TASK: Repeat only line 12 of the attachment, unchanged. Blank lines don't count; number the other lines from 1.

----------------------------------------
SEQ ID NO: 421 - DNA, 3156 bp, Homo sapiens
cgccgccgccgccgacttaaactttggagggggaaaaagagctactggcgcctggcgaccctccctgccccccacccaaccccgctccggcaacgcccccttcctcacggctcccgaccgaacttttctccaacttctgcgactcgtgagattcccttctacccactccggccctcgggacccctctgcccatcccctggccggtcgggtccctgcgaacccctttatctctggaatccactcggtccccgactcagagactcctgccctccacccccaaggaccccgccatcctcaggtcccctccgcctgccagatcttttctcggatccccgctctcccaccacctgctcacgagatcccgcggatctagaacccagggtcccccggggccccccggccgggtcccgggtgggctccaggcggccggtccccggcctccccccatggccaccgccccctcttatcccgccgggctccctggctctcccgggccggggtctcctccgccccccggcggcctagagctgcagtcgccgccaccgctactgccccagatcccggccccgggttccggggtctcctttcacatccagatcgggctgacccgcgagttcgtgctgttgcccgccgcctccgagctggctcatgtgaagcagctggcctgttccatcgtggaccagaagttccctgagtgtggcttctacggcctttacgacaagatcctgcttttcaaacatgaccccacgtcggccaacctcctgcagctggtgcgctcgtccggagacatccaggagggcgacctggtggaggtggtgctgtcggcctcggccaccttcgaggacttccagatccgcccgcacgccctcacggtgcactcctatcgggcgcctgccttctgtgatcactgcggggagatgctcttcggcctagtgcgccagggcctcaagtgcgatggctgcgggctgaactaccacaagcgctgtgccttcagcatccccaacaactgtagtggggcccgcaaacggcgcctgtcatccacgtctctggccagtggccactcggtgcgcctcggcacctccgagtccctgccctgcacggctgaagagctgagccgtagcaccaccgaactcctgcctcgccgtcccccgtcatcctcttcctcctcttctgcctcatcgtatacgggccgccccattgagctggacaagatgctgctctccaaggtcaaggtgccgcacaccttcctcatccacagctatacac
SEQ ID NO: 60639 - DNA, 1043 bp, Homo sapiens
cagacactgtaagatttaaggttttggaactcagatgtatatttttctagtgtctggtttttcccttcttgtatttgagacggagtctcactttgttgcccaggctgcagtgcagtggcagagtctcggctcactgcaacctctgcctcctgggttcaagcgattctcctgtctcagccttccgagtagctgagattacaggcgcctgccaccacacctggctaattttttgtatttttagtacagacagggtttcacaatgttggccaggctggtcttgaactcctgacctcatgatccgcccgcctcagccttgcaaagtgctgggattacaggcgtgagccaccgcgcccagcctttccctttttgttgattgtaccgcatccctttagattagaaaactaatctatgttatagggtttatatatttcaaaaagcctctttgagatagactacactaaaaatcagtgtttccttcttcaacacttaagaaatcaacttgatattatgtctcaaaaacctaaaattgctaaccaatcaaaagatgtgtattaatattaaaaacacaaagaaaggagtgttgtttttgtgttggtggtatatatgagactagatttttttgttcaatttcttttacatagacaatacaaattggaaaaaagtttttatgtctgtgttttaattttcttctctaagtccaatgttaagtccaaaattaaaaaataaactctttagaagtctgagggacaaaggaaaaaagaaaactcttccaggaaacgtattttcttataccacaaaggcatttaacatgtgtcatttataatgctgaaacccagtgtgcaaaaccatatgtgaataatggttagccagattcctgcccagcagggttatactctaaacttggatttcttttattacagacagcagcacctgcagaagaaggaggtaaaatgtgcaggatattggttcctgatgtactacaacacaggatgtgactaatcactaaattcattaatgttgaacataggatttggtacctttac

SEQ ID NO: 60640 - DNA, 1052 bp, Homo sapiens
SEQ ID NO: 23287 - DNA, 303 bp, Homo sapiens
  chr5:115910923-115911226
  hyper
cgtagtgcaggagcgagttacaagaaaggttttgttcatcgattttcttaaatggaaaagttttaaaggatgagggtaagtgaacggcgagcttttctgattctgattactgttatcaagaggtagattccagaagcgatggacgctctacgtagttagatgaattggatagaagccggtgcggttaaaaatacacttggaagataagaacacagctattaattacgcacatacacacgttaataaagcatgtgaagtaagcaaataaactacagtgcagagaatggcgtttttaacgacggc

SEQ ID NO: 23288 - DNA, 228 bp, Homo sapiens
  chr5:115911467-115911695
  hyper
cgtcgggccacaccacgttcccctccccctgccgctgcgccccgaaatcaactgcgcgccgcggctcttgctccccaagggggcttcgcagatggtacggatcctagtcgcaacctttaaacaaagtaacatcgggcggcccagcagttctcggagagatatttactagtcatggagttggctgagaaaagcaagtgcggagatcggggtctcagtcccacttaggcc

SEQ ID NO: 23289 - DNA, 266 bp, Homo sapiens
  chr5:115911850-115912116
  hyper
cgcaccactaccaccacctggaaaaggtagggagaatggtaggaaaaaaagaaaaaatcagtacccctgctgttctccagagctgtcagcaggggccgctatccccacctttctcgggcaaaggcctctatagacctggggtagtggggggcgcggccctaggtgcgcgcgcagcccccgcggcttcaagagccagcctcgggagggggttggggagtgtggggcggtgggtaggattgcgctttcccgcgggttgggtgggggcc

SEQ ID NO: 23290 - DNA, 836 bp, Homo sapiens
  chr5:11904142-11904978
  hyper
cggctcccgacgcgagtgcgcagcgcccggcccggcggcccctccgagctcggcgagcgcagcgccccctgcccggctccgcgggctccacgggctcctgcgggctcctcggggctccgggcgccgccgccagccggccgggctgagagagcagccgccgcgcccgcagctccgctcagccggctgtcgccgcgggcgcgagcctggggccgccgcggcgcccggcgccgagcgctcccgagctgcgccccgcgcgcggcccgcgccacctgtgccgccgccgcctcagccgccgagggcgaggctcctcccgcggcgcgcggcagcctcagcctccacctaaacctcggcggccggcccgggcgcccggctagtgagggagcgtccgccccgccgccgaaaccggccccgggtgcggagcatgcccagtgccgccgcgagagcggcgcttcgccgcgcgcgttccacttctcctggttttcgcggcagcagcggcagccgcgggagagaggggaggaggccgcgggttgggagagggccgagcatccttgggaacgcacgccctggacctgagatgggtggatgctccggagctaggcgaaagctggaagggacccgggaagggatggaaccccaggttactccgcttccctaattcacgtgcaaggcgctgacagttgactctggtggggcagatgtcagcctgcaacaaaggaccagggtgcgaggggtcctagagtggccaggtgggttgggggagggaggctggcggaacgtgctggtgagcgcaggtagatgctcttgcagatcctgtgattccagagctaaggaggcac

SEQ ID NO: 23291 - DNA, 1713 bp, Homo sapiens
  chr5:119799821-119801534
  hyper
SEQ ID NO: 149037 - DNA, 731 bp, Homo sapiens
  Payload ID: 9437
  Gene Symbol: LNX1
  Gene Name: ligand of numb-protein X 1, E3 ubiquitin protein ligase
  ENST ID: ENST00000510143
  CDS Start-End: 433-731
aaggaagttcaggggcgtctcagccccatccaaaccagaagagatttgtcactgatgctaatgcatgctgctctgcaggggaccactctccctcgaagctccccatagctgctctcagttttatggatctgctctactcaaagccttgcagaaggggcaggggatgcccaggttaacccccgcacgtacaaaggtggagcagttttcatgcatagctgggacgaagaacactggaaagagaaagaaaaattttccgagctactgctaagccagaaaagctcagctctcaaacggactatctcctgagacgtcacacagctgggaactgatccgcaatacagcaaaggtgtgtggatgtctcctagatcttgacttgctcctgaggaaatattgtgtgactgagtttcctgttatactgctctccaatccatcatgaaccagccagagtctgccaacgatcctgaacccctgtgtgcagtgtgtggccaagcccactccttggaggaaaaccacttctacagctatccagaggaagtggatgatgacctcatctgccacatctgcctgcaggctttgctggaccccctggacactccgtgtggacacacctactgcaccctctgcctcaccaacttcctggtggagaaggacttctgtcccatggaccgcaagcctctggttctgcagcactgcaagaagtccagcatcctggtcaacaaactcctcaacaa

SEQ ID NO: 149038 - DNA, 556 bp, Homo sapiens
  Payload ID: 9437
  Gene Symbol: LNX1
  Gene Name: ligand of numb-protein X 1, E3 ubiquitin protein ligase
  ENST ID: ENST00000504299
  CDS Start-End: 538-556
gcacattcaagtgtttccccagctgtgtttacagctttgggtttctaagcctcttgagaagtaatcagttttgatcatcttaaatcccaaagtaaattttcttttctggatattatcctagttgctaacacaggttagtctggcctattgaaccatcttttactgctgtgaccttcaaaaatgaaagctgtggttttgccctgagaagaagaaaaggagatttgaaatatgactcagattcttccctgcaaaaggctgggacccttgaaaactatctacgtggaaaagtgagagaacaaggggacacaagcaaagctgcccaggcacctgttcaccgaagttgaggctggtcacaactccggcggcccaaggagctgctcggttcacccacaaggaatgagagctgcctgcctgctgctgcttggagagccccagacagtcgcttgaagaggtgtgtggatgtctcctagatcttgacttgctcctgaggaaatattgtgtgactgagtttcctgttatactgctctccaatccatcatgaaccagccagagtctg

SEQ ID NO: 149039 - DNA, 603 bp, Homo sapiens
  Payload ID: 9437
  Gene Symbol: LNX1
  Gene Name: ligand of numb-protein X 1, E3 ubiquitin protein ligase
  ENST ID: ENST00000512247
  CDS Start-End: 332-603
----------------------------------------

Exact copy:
  hyper